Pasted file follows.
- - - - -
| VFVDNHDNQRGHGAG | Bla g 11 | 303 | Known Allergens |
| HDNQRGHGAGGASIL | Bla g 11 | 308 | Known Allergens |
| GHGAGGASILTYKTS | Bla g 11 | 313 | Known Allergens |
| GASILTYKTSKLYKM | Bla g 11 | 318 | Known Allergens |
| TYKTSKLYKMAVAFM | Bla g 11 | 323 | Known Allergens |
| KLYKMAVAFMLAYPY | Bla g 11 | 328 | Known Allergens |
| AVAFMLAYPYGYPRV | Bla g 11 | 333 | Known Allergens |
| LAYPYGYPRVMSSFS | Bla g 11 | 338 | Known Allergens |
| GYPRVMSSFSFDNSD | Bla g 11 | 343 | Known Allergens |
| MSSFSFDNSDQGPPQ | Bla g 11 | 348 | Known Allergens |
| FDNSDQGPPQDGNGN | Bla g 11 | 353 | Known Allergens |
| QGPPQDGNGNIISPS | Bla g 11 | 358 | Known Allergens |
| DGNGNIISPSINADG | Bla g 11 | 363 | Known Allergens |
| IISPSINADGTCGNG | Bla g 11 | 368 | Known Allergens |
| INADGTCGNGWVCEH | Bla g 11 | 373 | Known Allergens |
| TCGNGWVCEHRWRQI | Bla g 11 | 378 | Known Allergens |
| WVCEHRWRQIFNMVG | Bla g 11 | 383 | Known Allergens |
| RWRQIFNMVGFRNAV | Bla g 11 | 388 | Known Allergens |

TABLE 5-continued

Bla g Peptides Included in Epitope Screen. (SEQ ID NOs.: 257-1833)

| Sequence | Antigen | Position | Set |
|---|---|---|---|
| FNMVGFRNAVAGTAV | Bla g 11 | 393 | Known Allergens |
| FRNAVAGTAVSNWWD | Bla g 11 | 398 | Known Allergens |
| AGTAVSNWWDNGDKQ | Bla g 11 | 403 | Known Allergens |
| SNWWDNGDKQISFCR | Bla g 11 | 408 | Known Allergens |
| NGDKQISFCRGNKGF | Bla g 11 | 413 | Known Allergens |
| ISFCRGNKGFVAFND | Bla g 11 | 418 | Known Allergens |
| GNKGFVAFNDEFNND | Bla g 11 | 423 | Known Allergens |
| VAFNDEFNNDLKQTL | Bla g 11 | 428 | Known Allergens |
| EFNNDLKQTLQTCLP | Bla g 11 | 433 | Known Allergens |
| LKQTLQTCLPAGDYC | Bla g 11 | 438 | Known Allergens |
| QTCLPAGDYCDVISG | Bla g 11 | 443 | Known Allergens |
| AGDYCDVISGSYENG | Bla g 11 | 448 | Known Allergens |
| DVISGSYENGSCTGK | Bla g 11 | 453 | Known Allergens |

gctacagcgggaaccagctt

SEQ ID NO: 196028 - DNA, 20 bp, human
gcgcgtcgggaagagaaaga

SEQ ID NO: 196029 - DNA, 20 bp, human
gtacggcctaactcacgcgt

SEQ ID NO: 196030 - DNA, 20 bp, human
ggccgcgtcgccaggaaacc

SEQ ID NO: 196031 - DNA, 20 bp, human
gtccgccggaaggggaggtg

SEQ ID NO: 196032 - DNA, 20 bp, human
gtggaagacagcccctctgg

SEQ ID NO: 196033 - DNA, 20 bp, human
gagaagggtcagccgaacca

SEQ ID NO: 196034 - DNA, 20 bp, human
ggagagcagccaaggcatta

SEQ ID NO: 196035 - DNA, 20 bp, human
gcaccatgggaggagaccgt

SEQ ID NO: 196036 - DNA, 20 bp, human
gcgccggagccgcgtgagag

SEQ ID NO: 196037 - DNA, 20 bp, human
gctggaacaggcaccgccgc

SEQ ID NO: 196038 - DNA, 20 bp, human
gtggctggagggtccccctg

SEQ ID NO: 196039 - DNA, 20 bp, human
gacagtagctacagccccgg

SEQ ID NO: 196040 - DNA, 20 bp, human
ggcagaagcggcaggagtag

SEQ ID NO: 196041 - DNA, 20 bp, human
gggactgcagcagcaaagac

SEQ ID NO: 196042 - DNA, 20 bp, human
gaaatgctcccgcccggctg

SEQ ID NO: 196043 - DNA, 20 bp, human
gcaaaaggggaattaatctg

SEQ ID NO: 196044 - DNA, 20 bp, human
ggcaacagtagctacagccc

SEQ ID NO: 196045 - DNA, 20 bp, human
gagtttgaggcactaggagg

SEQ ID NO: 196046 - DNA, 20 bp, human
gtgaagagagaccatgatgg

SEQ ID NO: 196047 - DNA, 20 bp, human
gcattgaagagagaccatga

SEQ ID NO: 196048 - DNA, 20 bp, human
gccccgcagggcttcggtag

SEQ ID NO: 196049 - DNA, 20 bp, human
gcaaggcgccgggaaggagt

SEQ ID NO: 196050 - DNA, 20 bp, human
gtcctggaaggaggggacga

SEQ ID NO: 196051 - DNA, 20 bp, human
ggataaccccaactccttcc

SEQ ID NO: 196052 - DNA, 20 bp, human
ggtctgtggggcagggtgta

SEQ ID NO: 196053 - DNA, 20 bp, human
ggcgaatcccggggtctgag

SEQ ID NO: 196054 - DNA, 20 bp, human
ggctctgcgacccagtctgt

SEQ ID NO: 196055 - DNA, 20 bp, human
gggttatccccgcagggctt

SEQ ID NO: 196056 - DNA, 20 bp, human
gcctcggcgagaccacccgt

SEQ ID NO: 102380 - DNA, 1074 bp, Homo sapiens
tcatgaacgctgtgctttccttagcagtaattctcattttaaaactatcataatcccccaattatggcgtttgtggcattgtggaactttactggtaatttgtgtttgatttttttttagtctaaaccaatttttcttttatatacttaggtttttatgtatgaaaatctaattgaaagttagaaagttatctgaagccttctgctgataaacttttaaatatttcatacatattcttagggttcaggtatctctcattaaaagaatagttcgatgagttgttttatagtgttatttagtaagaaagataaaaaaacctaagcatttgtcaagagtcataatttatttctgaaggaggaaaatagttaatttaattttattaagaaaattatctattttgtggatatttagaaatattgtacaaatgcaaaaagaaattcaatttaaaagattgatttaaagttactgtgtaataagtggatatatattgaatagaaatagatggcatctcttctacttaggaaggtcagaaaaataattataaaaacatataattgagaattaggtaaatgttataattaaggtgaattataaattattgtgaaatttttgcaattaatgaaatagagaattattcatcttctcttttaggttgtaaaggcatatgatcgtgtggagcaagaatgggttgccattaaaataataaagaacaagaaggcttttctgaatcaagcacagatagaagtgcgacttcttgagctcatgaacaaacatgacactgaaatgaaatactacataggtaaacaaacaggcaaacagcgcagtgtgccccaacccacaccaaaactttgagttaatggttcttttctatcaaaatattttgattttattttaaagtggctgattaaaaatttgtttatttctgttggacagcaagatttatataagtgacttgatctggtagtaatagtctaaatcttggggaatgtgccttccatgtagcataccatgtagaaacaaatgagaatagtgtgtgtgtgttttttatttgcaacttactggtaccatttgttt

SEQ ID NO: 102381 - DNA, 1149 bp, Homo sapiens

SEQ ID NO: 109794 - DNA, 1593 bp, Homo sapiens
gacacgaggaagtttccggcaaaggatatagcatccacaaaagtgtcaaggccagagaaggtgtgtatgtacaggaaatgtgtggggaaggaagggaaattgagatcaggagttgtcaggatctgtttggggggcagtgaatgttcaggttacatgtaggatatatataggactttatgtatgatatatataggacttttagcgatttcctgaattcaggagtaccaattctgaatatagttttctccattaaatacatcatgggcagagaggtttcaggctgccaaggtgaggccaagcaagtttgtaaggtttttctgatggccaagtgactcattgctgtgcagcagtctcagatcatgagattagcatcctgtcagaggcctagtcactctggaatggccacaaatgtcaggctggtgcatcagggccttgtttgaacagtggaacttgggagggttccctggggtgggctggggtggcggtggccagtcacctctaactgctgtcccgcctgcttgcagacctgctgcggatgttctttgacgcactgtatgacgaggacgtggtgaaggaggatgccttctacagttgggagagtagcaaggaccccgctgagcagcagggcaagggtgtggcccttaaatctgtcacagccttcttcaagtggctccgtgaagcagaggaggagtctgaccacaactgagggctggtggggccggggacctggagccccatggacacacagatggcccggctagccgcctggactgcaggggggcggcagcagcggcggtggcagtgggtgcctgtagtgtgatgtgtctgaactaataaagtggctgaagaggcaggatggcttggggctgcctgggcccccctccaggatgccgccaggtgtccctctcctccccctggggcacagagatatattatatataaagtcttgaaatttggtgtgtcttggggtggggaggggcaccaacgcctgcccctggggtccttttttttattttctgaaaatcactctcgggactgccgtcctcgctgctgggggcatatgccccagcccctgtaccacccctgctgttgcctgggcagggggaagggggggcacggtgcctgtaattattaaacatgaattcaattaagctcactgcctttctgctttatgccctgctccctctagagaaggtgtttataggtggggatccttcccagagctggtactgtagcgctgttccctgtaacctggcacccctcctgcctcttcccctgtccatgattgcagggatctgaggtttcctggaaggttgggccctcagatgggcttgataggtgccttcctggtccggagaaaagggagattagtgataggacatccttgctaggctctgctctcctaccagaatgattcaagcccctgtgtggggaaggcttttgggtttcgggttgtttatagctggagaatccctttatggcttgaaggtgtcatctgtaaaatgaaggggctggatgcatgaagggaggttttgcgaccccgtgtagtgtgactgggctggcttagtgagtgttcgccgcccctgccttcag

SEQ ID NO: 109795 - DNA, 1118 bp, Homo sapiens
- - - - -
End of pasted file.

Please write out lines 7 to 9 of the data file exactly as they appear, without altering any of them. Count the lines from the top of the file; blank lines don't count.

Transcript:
| AVAFMLAYPYGYPRV | Bla g 11 | 333 | Known Allergens |
| LAYPYGYPRVMSSFS | Bla g 11 | 338 | Known Allergens |
| GYPRVMSSFSFDNSD | Bla g 11 | 343 | Known Allergens |